Last Saturday’s I for 8th February 2020 carried a piece about Dawn Butler by the paper’s political editor, Hugo Gye, ‘Butler: as deputy leader, I’d be like John Prescott without the violence.’ This consisted largely of an interview with Butler followed by how well the various deputy leadership contenders were faring. Butler argued that she should be leader as she was ‘the experience candidate’, having served under two Labour Prime Ministers. She also claimed that she could unite all sections of the party, and was therefore the unity candidate. She also stated that as deputy leader she’d be like John Prescott without the violence, because she doesn’t intend to punch anyone. As for her chances of winning – the favourite is Angela Rayner – she said that throughout her life as a Black female she’d always had someone telling her she had no chance.

But this isn’t what I found interesting. That was what she said about the positive reception she’d experienced of Labour’s manifesto, and that the Tories had stolen Labour’s policies. Gye wrote

I’ve put up several pieces about Butler, criticising her demand for all-Black shortlists and her statement that she intends to fight misogyny. The all-Black shortlists could make racism even worse, as some Whites in majority ethnic neighbourhoods with a Black MP may feel excluded. Her statement about misogyny is questionable because of the way what is considered misogynist has been expanded to include not just definite cases of sexism, but more dubious areas like microaggression. These are supposed to be the tiny, everyday pieces of sexism that affect women’s confidence and feeling of self-worth. Like calling them ‘Love’. At the same time, Private Eye has claimed that, rather than not having been a member of any coup against Corbyn, as she claims, Butler was very definitely one of the participants. This casts doubt on her position as a left-wing candidate.

But I think she is almost certainly right about the positive response of the public to Labour’s policies. In polls Corbyn’s policies of renationalisation and the restoration of workers’ rights and the welfare state were well-received. It’s why the Tory media had to resort to portraying him as an anti-Semite and communist or Trotskyite. And the Tories have been forced to appear to steal Labour’s policies. After Labour announced its policies on the NHS, the Tories announced they were going to invest a record amount in the health service and built more than 40 new hospitals. This is all lies, but it shows how they have been forced publicly to move away from their real policies of starving the NHS of funding and closing hospitals. Just as they have been forced to renationalise Northern Rail, although some of that was an attempt to divert attention away from the problems caused by government failures in the construction and maintenance of the tracks and infrastructure, on which the trains run, which is still government-owned. Just as the Tories have also promised – again, it’s just lies – a massive campaign of house construction as well as the expansion of the rail network.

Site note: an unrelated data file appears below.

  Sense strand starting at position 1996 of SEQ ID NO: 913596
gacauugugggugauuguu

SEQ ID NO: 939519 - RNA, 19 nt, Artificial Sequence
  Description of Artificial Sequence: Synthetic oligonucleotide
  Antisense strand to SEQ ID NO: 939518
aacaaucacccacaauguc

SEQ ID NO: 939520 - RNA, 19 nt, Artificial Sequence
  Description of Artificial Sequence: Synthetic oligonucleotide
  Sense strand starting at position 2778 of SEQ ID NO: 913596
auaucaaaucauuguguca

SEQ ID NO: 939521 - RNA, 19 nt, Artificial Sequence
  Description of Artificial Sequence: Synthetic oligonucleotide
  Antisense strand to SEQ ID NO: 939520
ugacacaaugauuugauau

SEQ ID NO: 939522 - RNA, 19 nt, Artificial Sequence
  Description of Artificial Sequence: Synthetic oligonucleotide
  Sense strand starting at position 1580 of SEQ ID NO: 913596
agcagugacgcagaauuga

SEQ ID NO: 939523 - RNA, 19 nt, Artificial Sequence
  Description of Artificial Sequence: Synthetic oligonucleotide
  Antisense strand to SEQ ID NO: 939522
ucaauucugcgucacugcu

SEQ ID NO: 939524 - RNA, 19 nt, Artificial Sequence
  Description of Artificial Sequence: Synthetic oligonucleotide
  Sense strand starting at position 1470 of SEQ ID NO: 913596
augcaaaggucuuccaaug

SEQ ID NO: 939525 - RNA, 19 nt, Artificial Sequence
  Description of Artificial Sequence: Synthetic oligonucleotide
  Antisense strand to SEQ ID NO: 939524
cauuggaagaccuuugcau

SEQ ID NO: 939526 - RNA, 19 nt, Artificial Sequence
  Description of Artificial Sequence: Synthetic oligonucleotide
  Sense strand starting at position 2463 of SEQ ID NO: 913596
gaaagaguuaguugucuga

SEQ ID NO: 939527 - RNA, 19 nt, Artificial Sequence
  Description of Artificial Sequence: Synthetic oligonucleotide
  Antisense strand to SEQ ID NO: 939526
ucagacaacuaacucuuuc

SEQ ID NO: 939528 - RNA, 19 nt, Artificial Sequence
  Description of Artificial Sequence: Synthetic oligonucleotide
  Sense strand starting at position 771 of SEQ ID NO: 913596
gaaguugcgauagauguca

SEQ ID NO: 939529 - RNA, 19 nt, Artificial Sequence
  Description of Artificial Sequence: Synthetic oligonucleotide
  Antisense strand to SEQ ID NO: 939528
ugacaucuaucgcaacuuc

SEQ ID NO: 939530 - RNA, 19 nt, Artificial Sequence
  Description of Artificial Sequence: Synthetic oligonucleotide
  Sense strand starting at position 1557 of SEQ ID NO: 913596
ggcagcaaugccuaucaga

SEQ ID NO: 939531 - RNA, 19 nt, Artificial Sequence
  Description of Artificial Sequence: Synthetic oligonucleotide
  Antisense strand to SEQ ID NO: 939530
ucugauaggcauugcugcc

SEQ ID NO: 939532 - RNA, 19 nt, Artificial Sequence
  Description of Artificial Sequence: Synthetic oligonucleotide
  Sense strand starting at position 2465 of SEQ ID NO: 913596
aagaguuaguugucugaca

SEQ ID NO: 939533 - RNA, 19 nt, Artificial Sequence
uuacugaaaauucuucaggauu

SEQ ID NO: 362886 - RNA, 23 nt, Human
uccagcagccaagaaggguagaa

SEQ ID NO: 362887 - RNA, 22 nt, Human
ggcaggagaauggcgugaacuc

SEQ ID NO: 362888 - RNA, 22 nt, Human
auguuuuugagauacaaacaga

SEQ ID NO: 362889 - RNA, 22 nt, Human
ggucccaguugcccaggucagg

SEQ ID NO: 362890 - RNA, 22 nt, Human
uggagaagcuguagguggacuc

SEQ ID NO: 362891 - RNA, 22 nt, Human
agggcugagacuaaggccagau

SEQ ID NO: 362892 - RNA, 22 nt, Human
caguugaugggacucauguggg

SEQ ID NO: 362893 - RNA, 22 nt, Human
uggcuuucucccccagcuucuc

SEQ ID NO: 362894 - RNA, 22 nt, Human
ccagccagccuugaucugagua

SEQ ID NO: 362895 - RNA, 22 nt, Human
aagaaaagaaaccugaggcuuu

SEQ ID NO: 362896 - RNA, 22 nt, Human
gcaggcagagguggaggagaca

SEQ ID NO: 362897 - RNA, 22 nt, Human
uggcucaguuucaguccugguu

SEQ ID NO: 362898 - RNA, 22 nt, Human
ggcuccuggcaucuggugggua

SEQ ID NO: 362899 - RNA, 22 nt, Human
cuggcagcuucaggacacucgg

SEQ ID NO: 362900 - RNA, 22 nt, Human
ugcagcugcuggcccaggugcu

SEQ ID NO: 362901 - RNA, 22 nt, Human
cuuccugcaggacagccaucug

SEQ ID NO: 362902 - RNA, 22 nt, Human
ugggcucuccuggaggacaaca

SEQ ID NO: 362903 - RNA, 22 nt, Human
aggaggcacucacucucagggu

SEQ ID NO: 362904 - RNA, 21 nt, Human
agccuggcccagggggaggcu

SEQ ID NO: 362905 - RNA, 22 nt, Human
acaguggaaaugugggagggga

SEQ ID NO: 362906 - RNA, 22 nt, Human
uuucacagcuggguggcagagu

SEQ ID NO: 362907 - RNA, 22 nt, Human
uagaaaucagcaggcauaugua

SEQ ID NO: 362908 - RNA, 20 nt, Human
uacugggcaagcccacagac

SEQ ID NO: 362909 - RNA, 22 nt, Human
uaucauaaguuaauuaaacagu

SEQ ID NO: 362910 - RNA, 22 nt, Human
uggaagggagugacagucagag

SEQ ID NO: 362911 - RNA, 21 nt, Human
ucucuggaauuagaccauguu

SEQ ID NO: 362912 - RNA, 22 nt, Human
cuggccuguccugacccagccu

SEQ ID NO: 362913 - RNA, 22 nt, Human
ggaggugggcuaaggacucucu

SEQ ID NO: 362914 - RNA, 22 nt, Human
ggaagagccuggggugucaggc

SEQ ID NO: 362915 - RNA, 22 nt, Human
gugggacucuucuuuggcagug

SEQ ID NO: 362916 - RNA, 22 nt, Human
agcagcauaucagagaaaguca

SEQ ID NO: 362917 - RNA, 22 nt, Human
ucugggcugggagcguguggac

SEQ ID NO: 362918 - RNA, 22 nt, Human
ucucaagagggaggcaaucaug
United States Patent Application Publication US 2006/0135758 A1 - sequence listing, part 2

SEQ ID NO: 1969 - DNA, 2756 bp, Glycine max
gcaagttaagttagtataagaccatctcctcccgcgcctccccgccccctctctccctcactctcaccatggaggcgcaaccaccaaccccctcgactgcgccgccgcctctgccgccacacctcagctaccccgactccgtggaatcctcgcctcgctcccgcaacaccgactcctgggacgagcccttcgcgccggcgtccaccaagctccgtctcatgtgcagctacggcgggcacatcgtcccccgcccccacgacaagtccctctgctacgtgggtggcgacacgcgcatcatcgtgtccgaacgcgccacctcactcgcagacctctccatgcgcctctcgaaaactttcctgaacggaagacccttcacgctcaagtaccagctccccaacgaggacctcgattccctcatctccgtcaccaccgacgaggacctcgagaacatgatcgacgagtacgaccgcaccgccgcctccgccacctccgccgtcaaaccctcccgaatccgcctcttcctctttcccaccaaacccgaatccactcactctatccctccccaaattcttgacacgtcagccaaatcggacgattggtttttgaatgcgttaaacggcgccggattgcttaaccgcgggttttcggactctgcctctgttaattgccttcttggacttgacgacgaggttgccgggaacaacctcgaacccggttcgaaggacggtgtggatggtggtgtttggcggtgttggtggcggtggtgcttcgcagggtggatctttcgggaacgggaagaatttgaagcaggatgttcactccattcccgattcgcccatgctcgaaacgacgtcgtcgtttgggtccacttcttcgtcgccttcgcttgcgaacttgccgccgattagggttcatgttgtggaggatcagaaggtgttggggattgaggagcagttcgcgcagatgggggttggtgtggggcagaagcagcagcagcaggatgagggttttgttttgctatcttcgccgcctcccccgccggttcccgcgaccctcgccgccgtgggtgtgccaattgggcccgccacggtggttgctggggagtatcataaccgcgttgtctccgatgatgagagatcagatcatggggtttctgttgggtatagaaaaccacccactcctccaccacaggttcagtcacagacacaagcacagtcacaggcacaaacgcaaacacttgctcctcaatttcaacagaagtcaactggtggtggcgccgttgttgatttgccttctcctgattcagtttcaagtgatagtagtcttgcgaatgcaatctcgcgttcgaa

I feel that even though Labour will be out of power for the next five years, it can still do much good by maintaining those left-wing policies and trying to force the Tories to move left, so that when the Tories – and they will – their right-wing policies will be soundly contrasted with Labour’s socialist programme that will be far more successful. If this is done properly, it will show to the public that socialism hasn’t been superceded by Thatcherism. Quite the opposite – it is Thatcherism that is now obsolete.

My fear, however, is that if Starmer and Rayner get into power, they will turn the clock back to Blair, and Britain will be further decimated, economically and socially, by the Thatcherite policies of privatisation of industry, schools and the NHS, and the destruction of the welfare state.